Nikolas K. Gvosdev
The call was an important sounding session with the main result being the extension of the New START treaty.
On January 26, 2021, Presidents Joe Biden and Vladimir Putin conversed over the phone. This fact is one of the few items related to this call that no one is in disagreement over. But everything else appears to be open to interpretation and dispute.
The Russian leader was the seventh world leader formally contacted by the new American president, behind the traditional first calls made to the president of Mexico and the prime minister of Canada. America’s three main European allies—Britain, France, and Germany—were next on the list, followed by Secretary-General Jens Stoltenberg of NATO. Was this meant to signal Putin’s “demotion” in terms of his relative importance to the United States? Or should this instead be spun as a signal honor—that Biden spoke with Putin before the leaders of China, Japan, India, South Korea, and Israel, not to mention America’s partners in central and eastern Europe? Or is it a reflection of the importance the new president places in communicating about the fate of anti-corruption activist Alexei Navalny, now held in custody whose arrest has sparked protests across Russia? And would Biden have talked with Putin at this point in the absence of the Navalny crisis? Finally, to what extent was the timing of the call a result of Russian entreaties?
The read-out released by the White House is remarkably sparse. One could read it as a long overdue airing of grievances against the Putin administration and the Russian state: for hacking, election interference, the reported placing of bounties on U.S. service personnel in Afghanistan, Russia’s continued role in Ukraine, and the poisoning of Navalny. The Russian readout, instead, chose to emphasize the two leaders’ discussions about the coronavirus pandemic, trade and economic matters, and the future of the Iran nuclear deal (although the Russian side also indicated Ukraine as a topic of conversation).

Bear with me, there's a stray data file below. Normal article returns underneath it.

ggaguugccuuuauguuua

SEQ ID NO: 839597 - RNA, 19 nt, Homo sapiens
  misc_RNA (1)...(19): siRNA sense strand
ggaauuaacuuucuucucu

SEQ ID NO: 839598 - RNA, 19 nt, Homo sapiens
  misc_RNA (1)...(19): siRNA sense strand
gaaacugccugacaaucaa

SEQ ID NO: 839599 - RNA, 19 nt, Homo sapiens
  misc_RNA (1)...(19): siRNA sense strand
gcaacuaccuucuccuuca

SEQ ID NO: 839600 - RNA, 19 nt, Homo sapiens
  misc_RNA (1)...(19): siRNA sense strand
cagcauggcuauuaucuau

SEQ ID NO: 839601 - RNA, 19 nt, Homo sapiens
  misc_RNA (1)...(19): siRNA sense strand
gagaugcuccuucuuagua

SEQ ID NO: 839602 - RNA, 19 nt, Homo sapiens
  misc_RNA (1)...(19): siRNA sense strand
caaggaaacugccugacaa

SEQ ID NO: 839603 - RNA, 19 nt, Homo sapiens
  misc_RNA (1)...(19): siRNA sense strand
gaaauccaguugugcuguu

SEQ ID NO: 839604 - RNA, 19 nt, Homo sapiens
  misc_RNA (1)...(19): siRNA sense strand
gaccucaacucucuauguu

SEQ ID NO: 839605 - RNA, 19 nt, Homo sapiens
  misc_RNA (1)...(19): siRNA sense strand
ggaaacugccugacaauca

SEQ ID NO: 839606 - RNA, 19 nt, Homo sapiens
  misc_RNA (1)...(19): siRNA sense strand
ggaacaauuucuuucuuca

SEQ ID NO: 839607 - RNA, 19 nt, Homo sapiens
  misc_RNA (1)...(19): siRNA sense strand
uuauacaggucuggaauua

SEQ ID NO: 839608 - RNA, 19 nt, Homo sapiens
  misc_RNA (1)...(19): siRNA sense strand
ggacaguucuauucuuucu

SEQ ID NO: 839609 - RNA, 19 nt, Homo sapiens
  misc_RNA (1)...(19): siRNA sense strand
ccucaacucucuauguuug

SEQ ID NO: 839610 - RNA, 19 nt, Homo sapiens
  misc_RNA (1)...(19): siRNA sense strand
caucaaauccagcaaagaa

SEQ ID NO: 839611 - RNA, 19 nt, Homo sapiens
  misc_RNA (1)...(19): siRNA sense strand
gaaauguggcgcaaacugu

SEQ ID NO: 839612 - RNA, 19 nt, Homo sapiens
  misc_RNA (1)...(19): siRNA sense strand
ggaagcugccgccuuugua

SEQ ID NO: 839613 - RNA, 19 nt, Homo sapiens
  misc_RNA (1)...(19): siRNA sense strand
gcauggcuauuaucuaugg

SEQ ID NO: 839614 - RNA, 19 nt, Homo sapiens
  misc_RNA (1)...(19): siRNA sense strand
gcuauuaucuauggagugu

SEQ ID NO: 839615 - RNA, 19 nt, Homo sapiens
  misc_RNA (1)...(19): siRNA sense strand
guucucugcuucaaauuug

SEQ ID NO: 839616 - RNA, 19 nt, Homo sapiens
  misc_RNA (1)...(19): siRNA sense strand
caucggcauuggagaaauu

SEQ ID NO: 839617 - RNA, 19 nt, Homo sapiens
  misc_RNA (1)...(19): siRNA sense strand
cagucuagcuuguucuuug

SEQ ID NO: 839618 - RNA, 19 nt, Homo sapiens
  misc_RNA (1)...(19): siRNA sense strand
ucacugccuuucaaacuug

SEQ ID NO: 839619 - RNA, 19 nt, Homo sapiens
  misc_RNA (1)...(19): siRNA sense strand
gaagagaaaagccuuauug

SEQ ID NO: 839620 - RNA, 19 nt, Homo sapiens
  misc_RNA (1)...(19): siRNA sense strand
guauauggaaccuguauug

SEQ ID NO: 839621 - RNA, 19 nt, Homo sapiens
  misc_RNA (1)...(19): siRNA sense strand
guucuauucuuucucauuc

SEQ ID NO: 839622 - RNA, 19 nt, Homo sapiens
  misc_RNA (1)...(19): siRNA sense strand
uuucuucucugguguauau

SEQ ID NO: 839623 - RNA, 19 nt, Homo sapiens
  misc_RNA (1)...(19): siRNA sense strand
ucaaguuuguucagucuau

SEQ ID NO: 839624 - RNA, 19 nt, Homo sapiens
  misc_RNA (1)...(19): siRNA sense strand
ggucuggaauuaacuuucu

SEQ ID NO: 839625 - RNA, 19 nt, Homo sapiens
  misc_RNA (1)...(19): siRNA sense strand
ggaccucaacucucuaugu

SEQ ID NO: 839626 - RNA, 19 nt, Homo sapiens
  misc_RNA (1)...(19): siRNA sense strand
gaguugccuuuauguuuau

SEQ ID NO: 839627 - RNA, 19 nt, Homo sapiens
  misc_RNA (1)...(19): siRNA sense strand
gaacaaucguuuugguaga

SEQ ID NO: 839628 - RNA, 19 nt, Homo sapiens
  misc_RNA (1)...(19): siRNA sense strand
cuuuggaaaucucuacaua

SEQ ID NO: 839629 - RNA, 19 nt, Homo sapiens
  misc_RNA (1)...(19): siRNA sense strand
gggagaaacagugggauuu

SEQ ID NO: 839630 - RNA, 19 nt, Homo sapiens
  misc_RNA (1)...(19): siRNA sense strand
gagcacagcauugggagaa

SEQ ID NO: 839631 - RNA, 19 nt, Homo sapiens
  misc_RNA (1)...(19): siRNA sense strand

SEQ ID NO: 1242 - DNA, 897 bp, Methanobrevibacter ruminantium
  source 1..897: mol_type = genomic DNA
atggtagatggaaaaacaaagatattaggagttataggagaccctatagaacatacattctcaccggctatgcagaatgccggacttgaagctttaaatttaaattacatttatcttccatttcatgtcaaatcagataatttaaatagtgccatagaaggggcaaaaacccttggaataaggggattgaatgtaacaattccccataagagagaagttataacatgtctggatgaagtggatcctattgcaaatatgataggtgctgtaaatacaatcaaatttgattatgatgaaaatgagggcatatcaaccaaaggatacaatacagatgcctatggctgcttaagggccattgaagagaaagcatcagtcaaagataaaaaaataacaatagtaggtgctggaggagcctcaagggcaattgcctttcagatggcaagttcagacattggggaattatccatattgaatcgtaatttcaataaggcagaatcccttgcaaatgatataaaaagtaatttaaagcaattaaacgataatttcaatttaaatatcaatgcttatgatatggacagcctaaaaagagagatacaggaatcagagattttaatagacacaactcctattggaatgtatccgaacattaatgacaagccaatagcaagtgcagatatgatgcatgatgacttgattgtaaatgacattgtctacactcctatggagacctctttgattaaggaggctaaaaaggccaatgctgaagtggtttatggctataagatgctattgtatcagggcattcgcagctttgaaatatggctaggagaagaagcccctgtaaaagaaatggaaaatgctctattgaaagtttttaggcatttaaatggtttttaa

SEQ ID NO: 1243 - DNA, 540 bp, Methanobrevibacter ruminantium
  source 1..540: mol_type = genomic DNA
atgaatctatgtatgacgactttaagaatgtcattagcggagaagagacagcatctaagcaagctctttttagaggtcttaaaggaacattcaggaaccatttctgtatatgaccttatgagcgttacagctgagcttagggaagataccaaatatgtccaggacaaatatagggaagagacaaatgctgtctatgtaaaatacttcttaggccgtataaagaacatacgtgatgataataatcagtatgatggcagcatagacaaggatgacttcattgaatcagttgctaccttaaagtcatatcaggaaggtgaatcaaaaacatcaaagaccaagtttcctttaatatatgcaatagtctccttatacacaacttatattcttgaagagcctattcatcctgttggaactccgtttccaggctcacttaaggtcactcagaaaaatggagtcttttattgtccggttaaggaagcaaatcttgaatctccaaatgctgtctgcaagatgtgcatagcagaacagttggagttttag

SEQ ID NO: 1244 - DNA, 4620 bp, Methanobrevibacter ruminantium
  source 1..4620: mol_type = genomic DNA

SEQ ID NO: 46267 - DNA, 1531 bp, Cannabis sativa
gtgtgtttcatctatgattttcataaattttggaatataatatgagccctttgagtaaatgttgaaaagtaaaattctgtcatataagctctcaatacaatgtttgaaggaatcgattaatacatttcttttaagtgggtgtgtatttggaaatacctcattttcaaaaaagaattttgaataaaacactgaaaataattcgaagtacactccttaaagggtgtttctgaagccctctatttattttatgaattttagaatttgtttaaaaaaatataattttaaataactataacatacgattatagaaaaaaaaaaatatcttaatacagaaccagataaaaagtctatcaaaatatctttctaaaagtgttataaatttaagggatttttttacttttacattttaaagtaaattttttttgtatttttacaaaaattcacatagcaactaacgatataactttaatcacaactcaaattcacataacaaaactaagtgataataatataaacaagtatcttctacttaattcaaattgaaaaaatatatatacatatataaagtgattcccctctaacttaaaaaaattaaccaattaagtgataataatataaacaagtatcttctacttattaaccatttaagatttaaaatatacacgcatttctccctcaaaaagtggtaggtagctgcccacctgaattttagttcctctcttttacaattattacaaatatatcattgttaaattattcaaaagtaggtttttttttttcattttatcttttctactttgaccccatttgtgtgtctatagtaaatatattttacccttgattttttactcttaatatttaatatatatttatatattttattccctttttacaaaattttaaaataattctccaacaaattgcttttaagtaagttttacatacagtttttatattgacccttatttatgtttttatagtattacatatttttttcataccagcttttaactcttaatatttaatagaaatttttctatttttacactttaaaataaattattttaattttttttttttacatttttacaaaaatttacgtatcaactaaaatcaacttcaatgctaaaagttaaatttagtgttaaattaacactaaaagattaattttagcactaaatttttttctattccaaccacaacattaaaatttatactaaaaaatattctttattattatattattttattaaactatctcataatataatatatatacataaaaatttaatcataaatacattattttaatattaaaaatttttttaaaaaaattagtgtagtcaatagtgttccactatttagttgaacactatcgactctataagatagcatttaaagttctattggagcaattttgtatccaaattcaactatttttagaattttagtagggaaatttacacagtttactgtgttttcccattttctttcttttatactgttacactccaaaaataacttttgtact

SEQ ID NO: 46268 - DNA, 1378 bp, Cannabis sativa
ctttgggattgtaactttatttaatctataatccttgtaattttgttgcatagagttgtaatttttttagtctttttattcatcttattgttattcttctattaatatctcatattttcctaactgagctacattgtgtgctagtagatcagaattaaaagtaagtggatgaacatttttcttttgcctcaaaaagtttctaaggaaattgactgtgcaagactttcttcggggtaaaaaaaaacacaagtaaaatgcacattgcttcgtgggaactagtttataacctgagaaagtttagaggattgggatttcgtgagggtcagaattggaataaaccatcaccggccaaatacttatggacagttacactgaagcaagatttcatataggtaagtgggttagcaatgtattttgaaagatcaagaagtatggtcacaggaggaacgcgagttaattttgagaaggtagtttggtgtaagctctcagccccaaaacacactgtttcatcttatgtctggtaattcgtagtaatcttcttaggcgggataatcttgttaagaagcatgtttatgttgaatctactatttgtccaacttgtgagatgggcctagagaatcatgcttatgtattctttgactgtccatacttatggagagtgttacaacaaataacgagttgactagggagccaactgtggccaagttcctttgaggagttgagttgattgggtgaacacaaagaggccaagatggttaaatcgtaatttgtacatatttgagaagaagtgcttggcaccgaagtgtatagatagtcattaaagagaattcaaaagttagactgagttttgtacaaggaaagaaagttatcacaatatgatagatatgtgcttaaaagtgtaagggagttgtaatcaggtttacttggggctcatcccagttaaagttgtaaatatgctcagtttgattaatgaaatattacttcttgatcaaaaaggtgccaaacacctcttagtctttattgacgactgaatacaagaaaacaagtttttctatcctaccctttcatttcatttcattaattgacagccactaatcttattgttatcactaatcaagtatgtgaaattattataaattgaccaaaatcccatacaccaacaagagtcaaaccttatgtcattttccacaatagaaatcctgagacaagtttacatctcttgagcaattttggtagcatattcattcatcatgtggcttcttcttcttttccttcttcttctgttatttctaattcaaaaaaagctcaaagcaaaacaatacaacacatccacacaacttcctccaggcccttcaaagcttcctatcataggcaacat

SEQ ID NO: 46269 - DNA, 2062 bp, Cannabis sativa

U.S. reporting stressed that Biden left Putin with a clear warning that, with a new administration in Washington, “America will act firmly in defense of its national interests” responding to Russian steps “that harm us or our allies.” In other words, in contrast to the previous occupant of the Oval Office, Biden and his team are prepared to respond quickly and decisively to any of Moscow’s transgressions, with American sources indicating that the Russian side was informed that additional sanctions could be imposed for Russian actions.
Russian media sources, on the other hand, emphasize what the Kremlin sees as the positive message, the declaration that both countries will work rapidly to extend the New START treaty—which implicitly recognizes, at least in the area of nuclear weapons, a degree of equality between Washington and Moscow. The statement that both countries “agreed to explore strategic stability discussions on a range of arms control and emerging security issues” is also being interpreted as the invitation to begin bilateral talks on a wide-ranging agenda. Indeed, chair of the Federation Council’s committee on defense and security Viktor Bondarev, in commenting on the Biden-Putin call, sees it as the start of a Russian-American effort to “to find common points that would facilitate further strengthening of peace and stability in the entire world.”
Of course, the Kremlin has a particular interpretation of the types of talks they want to have with Washington, a transactional discussion about quid pro quos and tradeoffs, which the Russian side was hoping (but ultimately never quite achieved) with the Trump administration. In contrast, the Biden team is likely to view any such talks with Russia as an opportunity for clear communication by the United States of steps Washington expects Russia to cease or even reverse before any discussion of normalizing U.S.-Russia relations can begin.
So it appears that the main purpose of the call was a sounding session. No matter whether we should interpret the timing as a sign of Putin’s importance in world affairs or a signaling that the Western alliance is again united after the Trump years, Putin heard directly from Biden. In addition, Putin heard from Biden not as a vice president or candidate, but as a chief executive, while Biden got the measure of Putin as Russia continues to deal with the fallout of the coronavirus, the oil price wars and protests. Other than the new START renewal, no fresh ground was broken—and we’ll have to see what the next steps of both sides will be.
Nikolas K. Gvosdev is a Professor of National Security Affairs at the U.S. Naval War College and holder of the Captain Jerome E. Levy Chair in economic geography and national security. He holds non-residential fellowships with the Foreign Policy Research Institute and the Carnegie Council for Ethics in International Affairs. He is a member of the Loisach Group, a collaboration between the Munich Security Conference and the Marshall Center that works to enhance U.S. and Germany’s security partnership. He is a Contributing Editor for The National Interest.
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